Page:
GLASTONBURY music festival has some competition – in the form of buskers from Stratford.
Former Stratford mayor Cyril Bennis says the noise made by buskers on Waterside can be ‘louder than Glastonbury’ and he has received a number of complaints from disgruntled residents about the volume.
Stratforward Business Improvement District (BID) – which is responsible for overseeing busking – ask buskers to abide by a voluntary code of conduct which includes their music not being audible more than 30 metres away.
But many are flouting the rules and turn their amps and PA systems up so loud it ‘echoes’ around the area.
Mr Bennis said: “Busking is a long held tradition and people like to hear them show off their talent.
“Waterside often has buskers everywhere, but sometimes you can hear them right across the river. It is worse than Glastonbury at times and it doesn’t have to be such a sophistication of noise.”
Shopkeepers have also complained about the volume, saying at times they cannot even hear their customers and have had to ask buskers to turn it down.
Stratforward is urging performers to adhere to a code of conduct so music is not too loud, but say there is little they can do to stop those who ignore the rules.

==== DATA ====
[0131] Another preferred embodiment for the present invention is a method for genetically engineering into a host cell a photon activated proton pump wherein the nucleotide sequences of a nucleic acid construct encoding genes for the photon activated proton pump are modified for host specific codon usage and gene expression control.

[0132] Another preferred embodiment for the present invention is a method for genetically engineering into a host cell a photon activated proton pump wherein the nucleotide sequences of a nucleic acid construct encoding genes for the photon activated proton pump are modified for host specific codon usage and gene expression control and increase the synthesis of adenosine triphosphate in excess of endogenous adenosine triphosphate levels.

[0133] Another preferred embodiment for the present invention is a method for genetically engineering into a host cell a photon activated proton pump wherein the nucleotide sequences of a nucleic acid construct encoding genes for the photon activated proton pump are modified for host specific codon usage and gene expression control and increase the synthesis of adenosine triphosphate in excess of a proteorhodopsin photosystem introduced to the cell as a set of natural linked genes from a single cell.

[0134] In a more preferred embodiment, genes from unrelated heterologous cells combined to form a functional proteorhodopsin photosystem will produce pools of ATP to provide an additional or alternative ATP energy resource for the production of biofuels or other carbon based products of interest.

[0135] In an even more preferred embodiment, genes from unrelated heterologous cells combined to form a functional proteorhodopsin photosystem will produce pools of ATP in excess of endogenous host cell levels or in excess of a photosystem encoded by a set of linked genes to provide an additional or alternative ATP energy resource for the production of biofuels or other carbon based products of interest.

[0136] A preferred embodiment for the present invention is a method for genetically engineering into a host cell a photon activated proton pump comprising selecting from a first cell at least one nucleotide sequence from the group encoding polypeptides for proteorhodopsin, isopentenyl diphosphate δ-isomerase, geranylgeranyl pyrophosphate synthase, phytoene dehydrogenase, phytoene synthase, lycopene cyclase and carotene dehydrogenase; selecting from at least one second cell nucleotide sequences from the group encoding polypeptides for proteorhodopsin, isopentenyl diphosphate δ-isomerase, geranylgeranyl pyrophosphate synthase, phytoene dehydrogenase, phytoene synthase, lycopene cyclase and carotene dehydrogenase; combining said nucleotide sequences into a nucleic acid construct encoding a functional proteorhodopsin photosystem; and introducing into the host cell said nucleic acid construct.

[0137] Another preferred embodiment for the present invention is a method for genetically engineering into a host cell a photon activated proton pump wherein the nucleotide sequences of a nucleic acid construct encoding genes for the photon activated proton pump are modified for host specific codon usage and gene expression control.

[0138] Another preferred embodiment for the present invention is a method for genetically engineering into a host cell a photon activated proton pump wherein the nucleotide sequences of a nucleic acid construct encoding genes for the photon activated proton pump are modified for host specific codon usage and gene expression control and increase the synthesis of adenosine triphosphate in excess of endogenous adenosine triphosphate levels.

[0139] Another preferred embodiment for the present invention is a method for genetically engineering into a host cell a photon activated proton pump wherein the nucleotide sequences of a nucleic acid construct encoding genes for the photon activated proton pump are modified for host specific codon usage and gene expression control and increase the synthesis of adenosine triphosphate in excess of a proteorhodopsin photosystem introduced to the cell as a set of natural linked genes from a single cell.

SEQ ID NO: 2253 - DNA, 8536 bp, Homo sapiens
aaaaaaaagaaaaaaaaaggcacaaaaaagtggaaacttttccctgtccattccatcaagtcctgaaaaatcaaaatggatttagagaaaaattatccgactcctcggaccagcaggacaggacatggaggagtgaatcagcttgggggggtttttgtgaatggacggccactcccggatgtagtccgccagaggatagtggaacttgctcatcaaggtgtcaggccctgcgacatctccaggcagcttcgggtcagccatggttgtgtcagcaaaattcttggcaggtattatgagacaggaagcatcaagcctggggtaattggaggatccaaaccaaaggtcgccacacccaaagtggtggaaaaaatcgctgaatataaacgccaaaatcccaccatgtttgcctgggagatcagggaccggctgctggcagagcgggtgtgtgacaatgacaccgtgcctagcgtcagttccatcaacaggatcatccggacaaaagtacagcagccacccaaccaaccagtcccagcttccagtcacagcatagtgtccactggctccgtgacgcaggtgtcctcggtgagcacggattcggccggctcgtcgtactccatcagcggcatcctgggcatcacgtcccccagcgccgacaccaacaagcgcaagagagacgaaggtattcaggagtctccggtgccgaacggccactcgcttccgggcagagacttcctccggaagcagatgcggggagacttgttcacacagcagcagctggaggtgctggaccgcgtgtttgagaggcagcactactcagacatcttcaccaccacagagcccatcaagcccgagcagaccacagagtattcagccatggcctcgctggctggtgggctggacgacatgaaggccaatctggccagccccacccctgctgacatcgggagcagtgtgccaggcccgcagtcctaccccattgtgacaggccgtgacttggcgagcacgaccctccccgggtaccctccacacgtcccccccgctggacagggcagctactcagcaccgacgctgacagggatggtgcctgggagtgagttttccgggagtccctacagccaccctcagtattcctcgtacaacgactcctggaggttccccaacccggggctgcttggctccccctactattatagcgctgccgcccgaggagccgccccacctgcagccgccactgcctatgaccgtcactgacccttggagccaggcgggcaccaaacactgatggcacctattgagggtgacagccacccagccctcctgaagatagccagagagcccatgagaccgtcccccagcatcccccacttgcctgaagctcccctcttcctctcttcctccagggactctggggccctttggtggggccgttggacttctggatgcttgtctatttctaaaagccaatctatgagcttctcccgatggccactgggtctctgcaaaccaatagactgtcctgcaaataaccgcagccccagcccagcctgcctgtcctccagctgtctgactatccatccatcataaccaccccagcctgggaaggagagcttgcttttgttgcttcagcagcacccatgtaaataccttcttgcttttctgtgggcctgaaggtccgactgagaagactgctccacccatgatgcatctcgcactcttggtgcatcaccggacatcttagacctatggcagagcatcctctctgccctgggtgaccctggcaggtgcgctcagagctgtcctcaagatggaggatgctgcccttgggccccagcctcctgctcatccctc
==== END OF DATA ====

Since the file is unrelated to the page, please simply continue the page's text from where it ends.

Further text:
A spokeswoman said: “It’s a really complex issue as the code of conduct is voluntary and relies on the goodwill of buskers. The vast majority stick to the limit and turn the volume down if asked.
“There is nothing we can formally do about it. If we take it further it could mean a total ban on buskers.”
In the busker code of conduct it reads: “Whilst every effort is made to ensure this code is followed by every street entertainer, it is obviously not possible to monitor each and every performance. We rely on the goodwill and professionalism of all our performers, as well as that of residents, businesses and visitors in the town.”